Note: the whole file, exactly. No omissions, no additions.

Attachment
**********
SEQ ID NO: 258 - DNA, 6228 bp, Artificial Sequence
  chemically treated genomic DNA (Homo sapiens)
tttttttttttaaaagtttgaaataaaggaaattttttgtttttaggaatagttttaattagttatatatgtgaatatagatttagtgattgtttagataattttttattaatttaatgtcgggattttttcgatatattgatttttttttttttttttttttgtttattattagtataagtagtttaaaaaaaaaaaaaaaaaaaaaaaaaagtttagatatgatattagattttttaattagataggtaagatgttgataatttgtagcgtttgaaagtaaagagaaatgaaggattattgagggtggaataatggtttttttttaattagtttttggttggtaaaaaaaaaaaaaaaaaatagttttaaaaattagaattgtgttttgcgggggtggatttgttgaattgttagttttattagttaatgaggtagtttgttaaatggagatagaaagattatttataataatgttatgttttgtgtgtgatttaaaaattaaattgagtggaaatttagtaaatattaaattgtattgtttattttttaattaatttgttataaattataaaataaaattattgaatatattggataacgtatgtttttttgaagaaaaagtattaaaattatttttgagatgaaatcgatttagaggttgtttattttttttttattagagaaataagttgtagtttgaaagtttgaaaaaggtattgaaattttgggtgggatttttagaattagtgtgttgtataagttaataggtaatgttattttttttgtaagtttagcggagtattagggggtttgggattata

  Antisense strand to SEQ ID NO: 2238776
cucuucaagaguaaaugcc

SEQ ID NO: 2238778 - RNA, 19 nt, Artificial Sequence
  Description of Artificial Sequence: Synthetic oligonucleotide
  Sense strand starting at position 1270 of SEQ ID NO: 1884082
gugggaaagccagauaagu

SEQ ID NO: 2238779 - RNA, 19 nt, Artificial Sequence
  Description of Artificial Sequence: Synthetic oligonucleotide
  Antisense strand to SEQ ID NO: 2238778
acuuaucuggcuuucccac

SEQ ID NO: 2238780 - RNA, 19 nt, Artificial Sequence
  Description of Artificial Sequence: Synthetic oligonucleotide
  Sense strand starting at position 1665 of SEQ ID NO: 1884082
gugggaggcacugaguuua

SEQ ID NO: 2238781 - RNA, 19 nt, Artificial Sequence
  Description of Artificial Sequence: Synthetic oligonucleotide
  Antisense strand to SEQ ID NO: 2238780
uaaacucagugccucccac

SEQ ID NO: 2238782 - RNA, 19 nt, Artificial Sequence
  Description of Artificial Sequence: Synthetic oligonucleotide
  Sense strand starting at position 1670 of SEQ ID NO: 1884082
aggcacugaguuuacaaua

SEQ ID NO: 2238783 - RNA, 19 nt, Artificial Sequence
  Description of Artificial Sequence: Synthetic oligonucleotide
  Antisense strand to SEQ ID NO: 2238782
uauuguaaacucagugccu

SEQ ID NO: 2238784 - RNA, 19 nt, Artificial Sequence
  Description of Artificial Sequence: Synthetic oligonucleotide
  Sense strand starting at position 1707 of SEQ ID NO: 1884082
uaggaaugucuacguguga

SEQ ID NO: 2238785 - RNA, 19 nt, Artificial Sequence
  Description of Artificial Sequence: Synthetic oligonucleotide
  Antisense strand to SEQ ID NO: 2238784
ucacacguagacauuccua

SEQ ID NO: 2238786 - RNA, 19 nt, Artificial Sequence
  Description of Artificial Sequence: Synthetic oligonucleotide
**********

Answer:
SEQ ID NO: 258 - DNA, 6228 bp, Artificial Sequence
  chemically treated genomic DNA (Homo sapiens)
tttttttttttaaaagtttgaaataaaggaaattttttgtttttaggaatagttttaattagttatatatgtgaatatagatttagtgattgtttagataattttttattaatttaatgtcgggattttttcgatatattgatttttttttttttttttttttgtttattattagtataagtagtttaaaaaaaaaaaaaaaaaaaaaaaaaagtttagatatgatattagattttttaattagataggtaagatgttgataatttgtagcgtttgaaagtaaagagaaatgaaggattattgagggtggaataatggtttttttttaattagtttttggttggtaaaaaaaaaaaaaaaaaatagttttaaaaattagaattgtgttttgcgggggtggatttgttgaattgttagttttattagttaatgaggtagtttgttaaatggagatagaaagattatttataataatgttatgttttgtgtgtgatttaaaaattaaattgagtggaaatttagtaaatattaaattgtattgtttattttttaattaatttgttataaattataaaataaaattattgaatatattggataacgtatgtttttttgaagaaaaagtattaaaattatttttgagatgaaatcgatttagaggttgtttattttttttttattagagaaataagttgtagtttgaaagtttgaaaaaggtattgaaattttgggtgggatttttagaattagtgtgttgtataagttaataggtaatgttattttttttgtaagtttagcggagtattagggggtttgggattata

  Antisense strand to SEQ ID NO: 2238776
cucuucaagaguaaaugcc

SEQ ID NO: 2238778 - RNA, 19 nt, Artificial Sequence
  Description of Artificial Sequence: Synthetic oligonucleotide
  Sense strand starting at position 1270 of SEQ ID NO: 1884082
gugggaaagccagauaagu

SEQ ID NO: 2238779 - RNA, 19 nt, Artificial Sequence
  Description of Artificial Sequence: Synthetic oligonucleotide
  Antisense strand to SEQ ID NO: 2238778
acuuaucuggcuuucccac

SEQ ID NO: 2238780 - RNA, 19 nt, Artificial Sequence
  Description of Artificial Sequence: Synthetic oligonucleotide
  Sense strand starting at position 1665 of SEQ ID NO: 1884082
gugggaggcacugaguuua

SEQ ID NO: 2238781 - RNA, 19 nt, Artificial Sequence
  Description of Artificial Sequence: Synthetic oligonucleotide
  Antisense strand to SEQ ID NO: 2238780
uaaacucagugccucccac

SEQ ID NO: 2238782 - RNA, 19 nt, Artificial Sequence
  Description of Artificial Sequence: Synthetic oligonucleotide
  Sense strand starting at position 1670 of SEQ ID NO: 1884082
aggcacugaguuuacaaua

SEQ ID NO: 2238783 - RNA, 19 nt, Artificial Sequence
  Description of Artificial Sequence: Synthetic oligonucleotide
  Antisense strand to SEQ ID NO: 2238782
uauuguaaacucagugccu

SEQ ID NO: 2238784 - RNA, 19 nt, Artificial Sequence
  Description of Artificial Sequence: Synthetic oligonucleotide
  Sense strand starting at position 1707 of SEQ ID NO: 1884082
uaggaaugucuacguguga

SEQ ID NO: 2238785 - RNA, 19 nt, Artificial Sequence
  Description of Artificial Sequence: Synthetic oligonucleotide
  Antisense strand to SEQ ID NO: 2238784
ucacacguagacauuccua

SEQ ID NO: 2238786 - RNA, 19 nt, Artificial Sequence
  Description of Artificial Sequence: Synthetic oligonucleotide